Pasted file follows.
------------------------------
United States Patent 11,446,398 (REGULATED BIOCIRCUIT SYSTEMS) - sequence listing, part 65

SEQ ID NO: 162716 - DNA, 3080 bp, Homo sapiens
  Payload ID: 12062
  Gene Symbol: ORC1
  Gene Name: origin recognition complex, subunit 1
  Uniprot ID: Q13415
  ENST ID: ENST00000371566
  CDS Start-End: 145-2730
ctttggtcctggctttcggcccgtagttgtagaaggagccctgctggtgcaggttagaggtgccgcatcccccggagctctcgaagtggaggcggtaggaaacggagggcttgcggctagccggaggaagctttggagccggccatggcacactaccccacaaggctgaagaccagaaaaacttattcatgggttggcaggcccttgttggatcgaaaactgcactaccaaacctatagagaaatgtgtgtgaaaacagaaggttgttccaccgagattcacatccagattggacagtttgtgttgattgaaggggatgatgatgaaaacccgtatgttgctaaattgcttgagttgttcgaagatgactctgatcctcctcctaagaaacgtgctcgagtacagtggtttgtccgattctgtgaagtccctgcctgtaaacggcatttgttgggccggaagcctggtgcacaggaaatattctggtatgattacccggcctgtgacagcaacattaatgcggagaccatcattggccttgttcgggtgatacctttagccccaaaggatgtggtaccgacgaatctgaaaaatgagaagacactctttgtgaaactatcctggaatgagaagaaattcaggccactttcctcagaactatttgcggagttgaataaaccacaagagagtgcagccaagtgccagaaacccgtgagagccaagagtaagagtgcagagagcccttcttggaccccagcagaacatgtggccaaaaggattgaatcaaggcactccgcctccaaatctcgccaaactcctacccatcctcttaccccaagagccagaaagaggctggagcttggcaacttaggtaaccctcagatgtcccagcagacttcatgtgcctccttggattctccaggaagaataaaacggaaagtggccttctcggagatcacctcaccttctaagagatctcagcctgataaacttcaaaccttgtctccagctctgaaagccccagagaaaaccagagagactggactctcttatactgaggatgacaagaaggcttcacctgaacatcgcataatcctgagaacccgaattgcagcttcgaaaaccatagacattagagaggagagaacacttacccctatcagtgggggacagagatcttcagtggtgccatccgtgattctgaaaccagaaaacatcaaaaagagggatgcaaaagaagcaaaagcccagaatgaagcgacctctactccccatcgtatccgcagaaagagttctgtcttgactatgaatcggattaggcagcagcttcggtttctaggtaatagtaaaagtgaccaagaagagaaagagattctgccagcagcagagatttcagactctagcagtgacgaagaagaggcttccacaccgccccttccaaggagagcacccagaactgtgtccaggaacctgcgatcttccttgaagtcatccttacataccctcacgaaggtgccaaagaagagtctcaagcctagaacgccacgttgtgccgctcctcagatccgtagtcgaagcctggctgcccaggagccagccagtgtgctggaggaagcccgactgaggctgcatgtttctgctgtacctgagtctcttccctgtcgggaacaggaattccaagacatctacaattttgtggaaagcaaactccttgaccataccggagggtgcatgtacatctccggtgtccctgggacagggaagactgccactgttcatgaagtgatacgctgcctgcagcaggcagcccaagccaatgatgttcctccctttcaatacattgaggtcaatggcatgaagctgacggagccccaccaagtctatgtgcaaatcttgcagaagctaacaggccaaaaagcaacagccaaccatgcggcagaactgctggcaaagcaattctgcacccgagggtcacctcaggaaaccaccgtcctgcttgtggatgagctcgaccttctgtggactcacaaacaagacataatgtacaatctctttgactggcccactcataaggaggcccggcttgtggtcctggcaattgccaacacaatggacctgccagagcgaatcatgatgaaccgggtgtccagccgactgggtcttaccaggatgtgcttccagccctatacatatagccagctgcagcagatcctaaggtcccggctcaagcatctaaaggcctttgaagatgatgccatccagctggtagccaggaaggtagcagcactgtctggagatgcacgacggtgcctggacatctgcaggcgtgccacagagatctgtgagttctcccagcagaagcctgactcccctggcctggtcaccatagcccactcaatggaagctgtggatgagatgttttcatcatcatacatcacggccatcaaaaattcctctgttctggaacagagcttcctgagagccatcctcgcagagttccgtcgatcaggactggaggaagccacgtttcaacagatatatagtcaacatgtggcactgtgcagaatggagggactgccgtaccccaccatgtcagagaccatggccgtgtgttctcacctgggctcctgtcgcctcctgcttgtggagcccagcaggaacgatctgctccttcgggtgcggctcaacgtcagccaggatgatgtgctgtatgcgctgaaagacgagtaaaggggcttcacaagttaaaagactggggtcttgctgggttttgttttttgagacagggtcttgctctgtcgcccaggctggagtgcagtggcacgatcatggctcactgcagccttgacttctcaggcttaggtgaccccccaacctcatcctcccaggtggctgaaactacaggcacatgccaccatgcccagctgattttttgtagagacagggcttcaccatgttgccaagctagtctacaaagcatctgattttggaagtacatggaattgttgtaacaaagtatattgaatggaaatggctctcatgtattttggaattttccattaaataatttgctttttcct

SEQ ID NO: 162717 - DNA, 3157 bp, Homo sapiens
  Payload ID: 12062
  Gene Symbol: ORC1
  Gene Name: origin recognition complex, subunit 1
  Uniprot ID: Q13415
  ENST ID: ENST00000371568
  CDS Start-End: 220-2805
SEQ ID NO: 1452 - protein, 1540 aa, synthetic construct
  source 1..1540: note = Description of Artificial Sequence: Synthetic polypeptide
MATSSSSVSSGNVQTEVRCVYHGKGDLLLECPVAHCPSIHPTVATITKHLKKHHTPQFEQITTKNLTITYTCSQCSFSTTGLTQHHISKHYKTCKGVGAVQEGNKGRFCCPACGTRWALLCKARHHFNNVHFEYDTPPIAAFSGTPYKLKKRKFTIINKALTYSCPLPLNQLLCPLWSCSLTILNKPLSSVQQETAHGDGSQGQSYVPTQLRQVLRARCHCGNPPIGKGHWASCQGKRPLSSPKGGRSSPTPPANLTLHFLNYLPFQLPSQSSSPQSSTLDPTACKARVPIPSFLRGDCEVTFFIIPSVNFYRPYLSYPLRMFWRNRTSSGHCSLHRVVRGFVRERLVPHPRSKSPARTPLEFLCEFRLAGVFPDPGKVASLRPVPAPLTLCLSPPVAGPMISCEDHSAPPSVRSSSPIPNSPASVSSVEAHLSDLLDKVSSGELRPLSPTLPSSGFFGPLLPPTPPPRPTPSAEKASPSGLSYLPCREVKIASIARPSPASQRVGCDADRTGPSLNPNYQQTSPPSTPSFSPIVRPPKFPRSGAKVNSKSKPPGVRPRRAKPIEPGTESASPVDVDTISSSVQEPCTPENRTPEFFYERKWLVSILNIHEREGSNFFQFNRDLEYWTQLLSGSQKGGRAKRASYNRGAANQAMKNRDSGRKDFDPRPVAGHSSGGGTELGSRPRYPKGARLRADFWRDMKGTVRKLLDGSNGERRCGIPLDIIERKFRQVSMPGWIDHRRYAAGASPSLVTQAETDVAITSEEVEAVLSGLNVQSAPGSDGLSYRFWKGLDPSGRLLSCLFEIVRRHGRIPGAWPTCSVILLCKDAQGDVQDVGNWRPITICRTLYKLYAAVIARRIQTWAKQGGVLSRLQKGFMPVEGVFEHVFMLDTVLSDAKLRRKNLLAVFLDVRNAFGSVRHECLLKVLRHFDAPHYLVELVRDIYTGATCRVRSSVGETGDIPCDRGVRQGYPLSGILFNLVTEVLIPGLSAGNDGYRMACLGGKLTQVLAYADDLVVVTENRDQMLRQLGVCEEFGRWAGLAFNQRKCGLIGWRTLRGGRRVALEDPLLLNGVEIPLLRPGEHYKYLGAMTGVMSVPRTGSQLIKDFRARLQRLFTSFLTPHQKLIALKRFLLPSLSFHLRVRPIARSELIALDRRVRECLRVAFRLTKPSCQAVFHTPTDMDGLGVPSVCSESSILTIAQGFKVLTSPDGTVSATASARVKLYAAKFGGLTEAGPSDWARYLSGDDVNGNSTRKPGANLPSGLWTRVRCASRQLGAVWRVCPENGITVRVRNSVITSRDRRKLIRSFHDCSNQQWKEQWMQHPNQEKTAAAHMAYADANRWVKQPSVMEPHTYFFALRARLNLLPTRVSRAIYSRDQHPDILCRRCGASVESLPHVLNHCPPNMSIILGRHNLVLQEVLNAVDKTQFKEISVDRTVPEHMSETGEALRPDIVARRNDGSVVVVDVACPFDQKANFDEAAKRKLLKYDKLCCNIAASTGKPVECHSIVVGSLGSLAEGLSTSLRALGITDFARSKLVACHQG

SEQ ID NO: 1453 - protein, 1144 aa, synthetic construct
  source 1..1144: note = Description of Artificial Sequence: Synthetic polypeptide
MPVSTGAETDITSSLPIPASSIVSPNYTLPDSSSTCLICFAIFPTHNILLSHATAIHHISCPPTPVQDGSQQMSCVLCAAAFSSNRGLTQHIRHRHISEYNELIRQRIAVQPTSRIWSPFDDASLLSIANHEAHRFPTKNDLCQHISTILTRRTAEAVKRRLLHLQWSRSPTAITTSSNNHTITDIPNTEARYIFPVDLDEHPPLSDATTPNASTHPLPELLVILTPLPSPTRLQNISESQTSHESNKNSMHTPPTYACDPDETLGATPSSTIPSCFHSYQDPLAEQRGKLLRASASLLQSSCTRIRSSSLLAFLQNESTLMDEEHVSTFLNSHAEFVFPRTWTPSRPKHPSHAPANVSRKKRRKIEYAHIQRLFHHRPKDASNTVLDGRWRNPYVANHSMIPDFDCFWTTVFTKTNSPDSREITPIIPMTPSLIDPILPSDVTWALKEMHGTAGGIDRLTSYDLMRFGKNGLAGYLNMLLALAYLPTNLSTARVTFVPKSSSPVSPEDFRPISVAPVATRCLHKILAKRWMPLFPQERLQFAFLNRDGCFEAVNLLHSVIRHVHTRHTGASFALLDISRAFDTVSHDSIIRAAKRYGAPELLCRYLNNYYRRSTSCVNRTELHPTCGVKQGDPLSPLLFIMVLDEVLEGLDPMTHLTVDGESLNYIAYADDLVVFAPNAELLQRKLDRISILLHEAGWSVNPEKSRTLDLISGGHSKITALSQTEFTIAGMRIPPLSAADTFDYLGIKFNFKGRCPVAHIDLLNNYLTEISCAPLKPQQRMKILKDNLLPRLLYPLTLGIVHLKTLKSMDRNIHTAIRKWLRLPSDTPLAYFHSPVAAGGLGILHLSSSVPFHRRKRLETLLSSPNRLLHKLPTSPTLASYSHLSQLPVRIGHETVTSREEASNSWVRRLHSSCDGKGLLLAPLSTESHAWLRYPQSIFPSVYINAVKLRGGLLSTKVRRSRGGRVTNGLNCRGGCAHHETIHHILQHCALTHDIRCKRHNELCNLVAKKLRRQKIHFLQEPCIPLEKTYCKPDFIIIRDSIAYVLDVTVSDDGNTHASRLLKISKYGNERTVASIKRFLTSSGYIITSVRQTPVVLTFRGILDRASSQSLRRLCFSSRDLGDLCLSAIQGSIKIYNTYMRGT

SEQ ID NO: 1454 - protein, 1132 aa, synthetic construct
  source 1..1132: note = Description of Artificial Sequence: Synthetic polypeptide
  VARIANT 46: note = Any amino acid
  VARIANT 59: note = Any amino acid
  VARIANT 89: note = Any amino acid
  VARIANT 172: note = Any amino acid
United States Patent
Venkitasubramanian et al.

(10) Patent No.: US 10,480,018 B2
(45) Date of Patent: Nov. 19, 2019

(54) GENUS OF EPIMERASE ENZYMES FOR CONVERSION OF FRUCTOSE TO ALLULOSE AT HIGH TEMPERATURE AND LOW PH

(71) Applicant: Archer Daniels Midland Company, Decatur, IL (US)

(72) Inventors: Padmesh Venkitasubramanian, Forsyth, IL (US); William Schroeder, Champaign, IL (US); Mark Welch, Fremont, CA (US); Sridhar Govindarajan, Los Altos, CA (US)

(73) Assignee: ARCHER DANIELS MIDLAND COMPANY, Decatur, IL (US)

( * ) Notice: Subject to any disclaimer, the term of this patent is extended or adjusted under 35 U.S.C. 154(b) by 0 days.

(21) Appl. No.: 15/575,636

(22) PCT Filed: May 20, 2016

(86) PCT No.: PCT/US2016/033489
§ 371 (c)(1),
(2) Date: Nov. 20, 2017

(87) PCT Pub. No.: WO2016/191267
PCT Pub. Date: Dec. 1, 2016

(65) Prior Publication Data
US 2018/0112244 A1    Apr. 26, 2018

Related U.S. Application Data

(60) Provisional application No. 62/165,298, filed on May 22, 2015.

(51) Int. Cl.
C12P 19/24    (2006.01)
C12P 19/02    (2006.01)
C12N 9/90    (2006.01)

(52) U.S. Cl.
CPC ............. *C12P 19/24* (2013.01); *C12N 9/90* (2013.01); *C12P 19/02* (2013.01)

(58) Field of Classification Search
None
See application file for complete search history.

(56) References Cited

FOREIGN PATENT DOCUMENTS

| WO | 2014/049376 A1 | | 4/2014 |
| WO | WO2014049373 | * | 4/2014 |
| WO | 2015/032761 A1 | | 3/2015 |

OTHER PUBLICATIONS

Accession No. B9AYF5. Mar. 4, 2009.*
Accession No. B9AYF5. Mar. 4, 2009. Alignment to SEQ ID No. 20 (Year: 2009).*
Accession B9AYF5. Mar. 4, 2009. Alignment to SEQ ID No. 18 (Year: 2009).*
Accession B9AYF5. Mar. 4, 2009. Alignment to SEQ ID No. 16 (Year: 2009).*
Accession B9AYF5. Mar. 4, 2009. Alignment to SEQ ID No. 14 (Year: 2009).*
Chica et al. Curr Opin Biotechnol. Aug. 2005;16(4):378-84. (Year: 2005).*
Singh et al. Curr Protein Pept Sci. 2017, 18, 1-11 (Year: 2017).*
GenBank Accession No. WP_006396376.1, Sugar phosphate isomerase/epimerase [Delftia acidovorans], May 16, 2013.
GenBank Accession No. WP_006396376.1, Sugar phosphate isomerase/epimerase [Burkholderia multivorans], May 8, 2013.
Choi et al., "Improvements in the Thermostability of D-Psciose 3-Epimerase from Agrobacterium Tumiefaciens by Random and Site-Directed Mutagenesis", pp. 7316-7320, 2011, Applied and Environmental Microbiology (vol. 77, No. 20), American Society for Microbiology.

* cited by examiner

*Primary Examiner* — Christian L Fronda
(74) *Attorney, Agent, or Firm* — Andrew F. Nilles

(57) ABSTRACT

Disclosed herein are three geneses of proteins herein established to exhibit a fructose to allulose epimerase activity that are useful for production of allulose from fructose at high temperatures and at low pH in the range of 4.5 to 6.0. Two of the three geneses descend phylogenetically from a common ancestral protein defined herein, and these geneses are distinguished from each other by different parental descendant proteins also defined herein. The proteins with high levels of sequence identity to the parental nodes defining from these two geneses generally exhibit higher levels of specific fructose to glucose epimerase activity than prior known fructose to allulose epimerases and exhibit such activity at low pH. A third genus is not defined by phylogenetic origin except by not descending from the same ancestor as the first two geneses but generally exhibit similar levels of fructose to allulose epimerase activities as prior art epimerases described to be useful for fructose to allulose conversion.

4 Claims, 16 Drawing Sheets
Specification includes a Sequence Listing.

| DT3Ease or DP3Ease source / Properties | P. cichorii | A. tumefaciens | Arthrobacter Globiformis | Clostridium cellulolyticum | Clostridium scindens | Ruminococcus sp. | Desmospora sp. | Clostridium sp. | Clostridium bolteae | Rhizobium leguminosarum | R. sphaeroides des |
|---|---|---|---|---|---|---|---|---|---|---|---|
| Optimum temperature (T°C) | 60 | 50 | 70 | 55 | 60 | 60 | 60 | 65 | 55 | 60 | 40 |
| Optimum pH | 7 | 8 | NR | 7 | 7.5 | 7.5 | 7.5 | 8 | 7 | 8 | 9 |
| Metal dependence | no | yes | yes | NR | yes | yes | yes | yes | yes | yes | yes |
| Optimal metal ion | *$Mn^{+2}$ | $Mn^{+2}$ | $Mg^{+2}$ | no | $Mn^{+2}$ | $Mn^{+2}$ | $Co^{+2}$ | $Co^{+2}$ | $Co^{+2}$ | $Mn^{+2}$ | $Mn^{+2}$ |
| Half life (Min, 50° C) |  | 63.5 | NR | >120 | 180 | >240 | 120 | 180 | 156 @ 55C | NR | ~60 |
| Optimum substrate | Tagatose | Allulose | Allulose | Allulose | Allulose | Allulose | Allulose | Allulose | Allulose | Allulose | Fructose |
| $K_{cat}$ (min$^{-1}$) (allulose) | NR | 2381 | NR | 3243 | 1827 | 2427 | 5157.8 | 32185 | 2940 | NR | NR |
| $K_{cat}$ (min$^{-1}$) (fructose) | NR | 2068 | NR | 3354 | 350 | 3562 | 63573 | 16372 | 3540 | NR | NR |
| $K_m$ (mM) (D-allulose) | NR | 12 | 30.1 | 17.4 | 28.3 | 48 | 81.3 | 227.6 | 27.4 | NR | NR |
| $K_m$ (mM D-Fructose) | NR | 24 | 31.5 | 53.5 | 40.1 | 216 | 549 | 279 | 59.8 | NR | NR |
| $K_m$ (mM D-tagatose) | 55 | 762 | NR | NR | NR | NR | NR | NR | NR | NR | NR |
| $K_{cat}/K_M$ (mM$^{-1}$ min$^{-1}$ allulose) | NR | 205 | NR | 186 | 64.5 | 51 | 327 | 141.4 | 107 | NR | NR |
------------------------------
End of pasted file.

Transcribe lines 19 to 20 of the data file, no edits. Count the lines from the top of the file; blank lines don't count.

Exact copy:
MATSSSSVSSGNVQTEVRCVYHGKGDLLLECPVAHCPSIHPTVATITKHLKKHHTPQFEQITTKNLTITYTCSQCSFSTTGLTQHHISKHYKTCKGVGAVQEGNKGRFCCPACGTRWALLCKARHHFNNVHFEYDTPPIAAFSGTPYKLKKRKFTIINKALTYSCPLPLNQLLCPLWSCSLTILNKPLSSVQQETAHGDGSQGQSYVPTQLRQVLRARCHCGNPPIGKGHWASCQGKRPLSSPKGGRSSPTPPANLTLHFLNYLPFQLPSQSSSPQSSTLDPTACKARVPIPSFLRGDCEVTFFIIPSVNFYRPYLSYPLRMFWRNRTSSGHCSLHRVVRGFVRERLVPHPRSKSPARTPLEFLCEFRLAGVFPDPGKVASLRPVPAPLTLCLSPPVAGPMISCEDHSAPPSVRSSSPIPNSPASVSSVEAHLSDLLDKVSSGELRPLSPTLPSSGFFGPLLPPTPPPRPTPSAEKASPSGLSYLPCREVKIASIARPSPASQRVGCDADRTGPSLNPNYQQTSPPSTPSFSPIVRPPKFPRSGAKVNSKSKPPGVRPRRAKPIEPGTESASPVDVDTISSSVQEPCTPENRTPEFFYERKWLVSILNIHEREGSNFFQFNRDLEYWTQLLSGSQKGGRAKRASYNRGAANQAMKNRDSGRKDFDPRPVAGHSSGGGTELGSRPRYPKGARLRADFWRDMKGTVRKLLDGSNGERRCGIPLDIIERKFRQVSMPGWIDHRRYAAGASPSLVTQAETDVAITSEEVEAVLSGLNVQSAPGSDGLSYRFWKGLDPSGRLLSCLFEIVRRHGRIPGAWPTCSVILLCKDAQGDVQDVGNWRPITICRTLYKLYAAVIARRIQTWAKQGGVLSRLQKGFMPVEGVFEHVFMLDTVLSDAKLRRKNLLAVFLDVRNAFGSVRHECLLKVLRHFDAPHYLVELVRDIYTGATCRVRSSVGETGDIPCDRGVRQGYPLSGILFNLVTEVLIPGLSAGNDGYRMACLGGKLTQVLAYADDLVVVTENRDQMLRQLGVCEEFGRWAGLAFNQRKCGLIGWRTLRGGRRVALEDPLLLNGVEIPLLRPGEHYKYLGAMTGVMSVPRTGSQLIKDFRARLQRLFTSFLTPHQKLIALKRFLLPSLSFHLRVRPIARSELIALDRRVRECLRVAFRLTKPSCQAVFHTPTDMDGLGVPSVCSESSILTIAQGFKVLTSPDGTVSATASARVKLYAAKFGGLTEAGPSDWARYLSGDDVNGNSTRKPGANLPSGLWTRVRCASRQLGAVWRVCPENGITVRVRNSVITSRDRRKLIRSFHDCSNQQWKEQWMQHPNQEKTAAAHMAYADANRWVKQPSVMEPHTYFFALRARLNLLPTRVSRAIYSRDQHPDILCRRCGASVESLPHVLNHCPPNMSIILGRHNLVLQEVLNAVDKTQFKEISVDRTVPEHMSETGEALRPDIVARRNDGSVVVVDVACPFDQKANFDEAAKRKLLKYDKLCCNIAASTGKPVECHSIVVGSLGSLAEGLSTSLRALGITDFARSKLVACHQG

SEQ ID NO: 1453 - protein, 1144 aa, synthetic construct